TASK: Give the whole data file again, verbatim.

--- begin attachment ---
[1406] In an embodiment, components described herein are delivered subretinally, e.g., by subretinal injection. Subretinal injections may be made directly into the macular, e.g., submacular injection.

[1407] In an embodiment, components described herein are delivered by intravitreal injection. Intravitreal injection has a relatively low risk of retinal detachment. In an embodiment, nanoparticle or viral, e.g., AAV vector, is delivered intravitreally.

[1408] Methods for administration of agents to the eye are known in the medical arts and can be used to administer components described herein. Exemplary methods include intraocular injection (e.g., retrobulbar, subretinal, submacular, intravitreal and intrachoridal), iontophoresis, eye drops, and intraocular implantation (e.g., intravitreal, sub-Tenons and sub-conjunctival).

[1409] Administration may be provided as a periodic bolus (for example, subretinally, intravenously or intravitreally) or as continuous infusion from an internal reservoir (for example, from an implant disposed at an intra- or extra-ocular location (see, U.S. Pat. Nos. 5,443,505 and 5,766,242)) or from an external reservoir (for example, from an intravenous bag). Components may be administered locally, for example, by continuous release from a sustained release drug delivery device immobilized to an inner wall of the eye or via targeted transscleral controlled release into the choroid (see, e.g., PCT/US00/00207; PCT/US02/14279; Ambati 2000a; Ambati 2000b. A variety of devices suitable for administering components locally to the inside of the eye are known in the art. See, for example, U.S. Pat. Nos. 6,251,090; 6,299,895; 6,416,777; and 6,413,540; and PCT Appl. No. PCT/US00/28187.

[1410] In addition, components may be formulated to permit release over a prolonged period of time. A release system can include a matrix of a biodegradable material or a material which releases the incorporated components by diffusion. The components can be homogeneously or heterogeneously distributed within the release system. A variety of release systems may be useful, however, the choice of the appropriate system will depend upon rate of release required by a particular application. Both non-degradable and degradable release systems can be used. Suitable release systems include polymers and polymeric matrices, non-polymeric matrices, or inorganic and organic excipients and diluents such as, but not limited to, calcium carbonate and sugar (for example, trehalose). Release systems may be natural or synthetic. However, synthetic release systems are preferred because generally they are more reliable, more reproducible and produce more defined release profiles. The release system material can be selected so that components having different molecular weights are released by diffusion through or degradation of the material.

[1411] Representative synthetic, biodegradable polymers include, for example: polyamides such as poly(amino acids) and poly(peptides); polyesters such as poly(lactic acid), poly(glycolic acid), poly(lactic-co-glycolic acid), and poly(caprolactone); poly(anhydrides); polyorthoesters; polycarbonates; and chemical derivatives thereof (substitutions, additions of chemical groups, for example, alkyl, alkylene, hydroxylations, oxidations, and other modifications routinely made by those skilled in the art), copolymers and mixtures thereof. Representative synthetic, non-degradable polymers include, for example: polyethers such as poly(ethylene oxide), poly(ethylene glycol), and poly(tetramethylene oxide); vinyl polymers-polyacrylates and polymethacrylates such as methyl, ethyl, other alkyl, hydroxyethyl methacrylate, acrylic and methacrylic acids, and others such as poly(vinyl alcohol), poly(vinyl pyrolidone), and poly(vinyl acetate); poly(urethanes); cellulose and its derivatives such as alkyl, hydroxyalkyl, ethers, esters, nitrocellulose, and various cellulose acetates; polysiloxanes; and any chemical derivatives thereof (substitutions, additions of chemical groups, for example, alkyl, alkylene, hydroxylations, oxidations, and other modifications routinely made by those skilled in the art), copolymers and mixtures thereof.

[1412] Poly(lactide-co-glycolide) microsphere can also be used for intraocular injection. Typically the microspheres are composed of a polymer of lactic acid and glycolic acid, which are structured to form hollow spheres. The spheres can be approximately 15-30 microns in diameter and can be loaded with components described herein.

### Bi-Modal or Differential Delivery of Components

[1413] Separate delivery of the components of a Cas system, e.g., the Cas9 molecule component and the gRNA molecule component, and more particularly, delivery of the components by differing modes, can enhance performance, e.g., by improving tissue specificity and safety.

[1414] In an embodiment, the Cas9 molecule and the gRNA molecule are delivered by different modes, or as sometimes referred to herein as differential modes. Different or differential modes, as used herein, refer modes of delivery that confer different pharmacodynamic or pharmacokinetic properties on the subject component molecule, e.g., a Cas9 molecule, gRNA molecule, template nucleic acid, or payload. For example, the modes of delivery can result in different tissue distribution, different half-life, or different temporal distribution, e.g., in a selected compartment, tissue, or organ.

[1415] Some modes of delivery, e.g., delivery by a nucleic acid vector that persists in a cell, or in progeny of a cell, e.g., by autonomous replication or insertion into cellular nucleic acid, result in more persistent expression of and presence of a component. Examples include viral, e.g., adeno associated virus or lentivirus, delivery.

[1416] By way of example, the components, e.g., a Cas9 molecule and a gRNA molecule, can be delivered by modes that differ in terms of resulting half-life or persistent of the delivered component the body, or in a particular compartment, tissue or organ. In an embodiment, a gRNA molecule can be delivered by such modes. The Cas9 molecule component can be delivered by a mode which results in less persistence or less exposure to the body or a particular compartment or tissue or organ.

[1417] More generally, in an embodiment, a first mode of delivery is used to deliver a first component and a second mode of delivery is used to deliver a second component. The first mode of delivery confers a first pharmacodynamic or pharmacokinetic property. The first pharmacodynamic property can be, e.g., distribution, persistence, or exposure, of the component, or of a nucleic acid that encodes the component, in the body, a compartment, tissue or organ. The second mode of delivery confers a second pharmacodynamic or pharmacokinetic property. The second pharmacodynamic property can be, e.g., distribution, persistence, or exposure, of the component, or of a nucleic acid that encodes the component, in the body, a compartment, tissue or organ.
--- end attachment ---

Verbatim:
[1406] In an embodiment, components described herein are delivered subretinally, e.g., by subretinal injection. Subretinal injections may be made directly into the macular, e.g., submacular injection.

[1407] In an embodiment, components described herein are delivered by intravitreal injection. Intravitreal injection has a relatively low risk of retinal detachment. In an embodiment, nanoparticle or viral, e.g., AAV vector, is delivered intravitreally.

[1408] Methods for administration of agents to the eye are known in the medical arts and can be used to administer components described herein. Exemplary methods include intraocular injection (e.g., retrobulbar, subretinal, submacular, intravitreal and intrachoridal), iontophoresis, eye drops, and intraocular implantation (e.g., intravitreal, sub-Tenons and sub-conjunctival).

[1409] Administration may be provided as a periodic bolus (for example, subretinally, intravenously or intravitreally) or as continuous infusion from an internal reservoir (for example, from an implant disposed at an intra- or extra-ocular location (see, U.S. Pat. Nos. 5,443,505 and 5,766,242)) or from an external reservoir (for example, from an intravenous bag). Components may be administered locally, for example, by continuous release from a sustained release drug delivery device immobilized to an inner wall of the eye or via targeted transscleral controlled release into the choroid (see, e.g., PCT/US00/00207; PCT/US02/14279; Ambati 2000a; Ambati 2000b. A variety of devices suitable for administering components locally to the inside of the eye are known in the art. See, for example, U.S. Pat. Nos. 6,251,090; 6,299,895; 6,416,777; and 6,413,540; and PCT Appl. No. PCT/US00/28187.

[1410] In addition, components may be formulated to permit release over a prolonged period of time. A release system can include a matrix of a biodegradable material or a material which releases the incorporated components by diffusion. The components can be homogeneously or heterogeneously distributed within the release system. A variety of release systems may be useful, however, the choice of the appropriate system will depend upon rate of release required by a particular application. Both non-degradable and degradable release systems can be used. Suitable release systems include polymers and polymeric matrices, non-polymeric matrices, or inorganic and organic excipients and diluents such as, but not limited to, calcium carbonate and sugar (for example, trehalose). Release systems may be natural or synthetic. However, synthetic release systems are preferred because generally they are more reliable, more reproducible and produce more defined release profiles. The release system material can be selected so that components having different molecular weights are released by diffusion through or degradation of the material.

[1411] Representative synthetic, biodegradable polymers include, for example: polyamides such as poly(amino acids) and poly(peptides); polyesters such as poly(lactic acid), poly(glycolic acid), poly(lactic-co-glycolic acid), and poly(caprolactone); poly(anhydrides); polyorthoesters; polycarbonates; and chemical derivatives thereof (substitutions, additions of chemical groups, for example, alkyl, alkylene, hydroxylations, oxidations, and other modifications routinely made by those skilled in the art), copolymers and mixtures thereof. Representative synthetic, non-degradable polymers include, for example: polyethers such as poly(ethylene oxide), poly(ethylene glycol), and poly(tetramethylene oxide); vinyl polymers-polyacrylates and polymethacrylates such as methyl, ethyl, other alkyl, hydroxyethyl methacrylate, acrylic and methacrylic acids, and others such as poly(vinyl alcohol), poly(vinyl pyrolidone), and poly(vinyl acetate); poly(urethanes); cellulose and its derivatives such as alkyl, hydroxyalkyl, ethers, esters, nitrocellulose, and various cellulose acetates; polysiloxanes; and any chemical derivatives thereof (substitutions, additions of chemical groups, for example, alkyl, alkylene, hydroxylations, oxidations, and other modifications routinely made by those skilled in the art), copolymers and mixtures thereof.

[1412] Poly(lactide-co-glycolide) microsphere can also be used for intraocular injection. Typically the microspheres are composed of a polymer of lactic acid and glycolic acid, which are structured to form hollow spheres. The spheres can be approximately 15-30 microns in diameter and can be loaded with components described herein.

### Bi-Modal or Differential Delivery of Components

[1413] Separate delivery of the components of a Cas system, e.g., the Cas9 molecule component and the gRNA molecule component, and more particularly, delivery of the components by differing modes, can enhance performance, e.g., by improving tissue specificity and safety.

[1414] In an embodiment, the Cas9 molecule and the gRNA molecule are delivered by different modes, or as sometimes referred to herein as differential modes. Different or differential modes, as used herein, refer modes of delivery that confer different pharmacodynamic or pharmacokinetic properties on the subject component molecule, e.g., a Cas9 molecule, gRNA molecule, template nucleic acid, or payload. For example, the modes of delivery can result in different tissue distribution, different half-life, or different temporal distribution, e.g., in a selected compartment, tissue, or organ.

[1415] Some modes of delivery, e.g., delivery by a nucleic acid vector that persists in a cell, or in progeny of a cell, e.g., by autonomous replication or insertion into cellular nucleic acid, result in more persistent expression of and presence of a component. Examples include viral, e.g., adeno associated virus or lentivirus, delivery.

[1416] By way of example, the components, e.g., a Cas9 molecule and a gRNA molecule, can be delivered by modes that differ in terms of resulting half-life or persistent of the delivered component the body, or in a particular compartment, tissue or organ. In an embodiment, a gRNA molecule can be delivered by such modes. The Cas9 molecule component can be delivered by a mode which results in less persistence or less exposure to the body or a particular compartment or tissue or organ.

[1417] More generally, in an embodiment, a first mode of delivery is used to deliver a first component and a second mode of delivery is used to deliver a second component. The first mode of delivery confers a first pharmacodynamic or pharmacokinetic property. The first pharmacodynamic property can be, e.g., distribution, persistence, or exposure, of the component, or of a nucleic acid that encodes the component, in the body, a compartment, tissue or organ. The second mode of delivery confers a second pharmacodynamic or pharmacokinetic property. The second pharmacodynamic property can be, e.g., distribution, persistence, or exposure, of the component, or of a nucleic acid that encodes the component, in the body, a compartment, tissue or organ.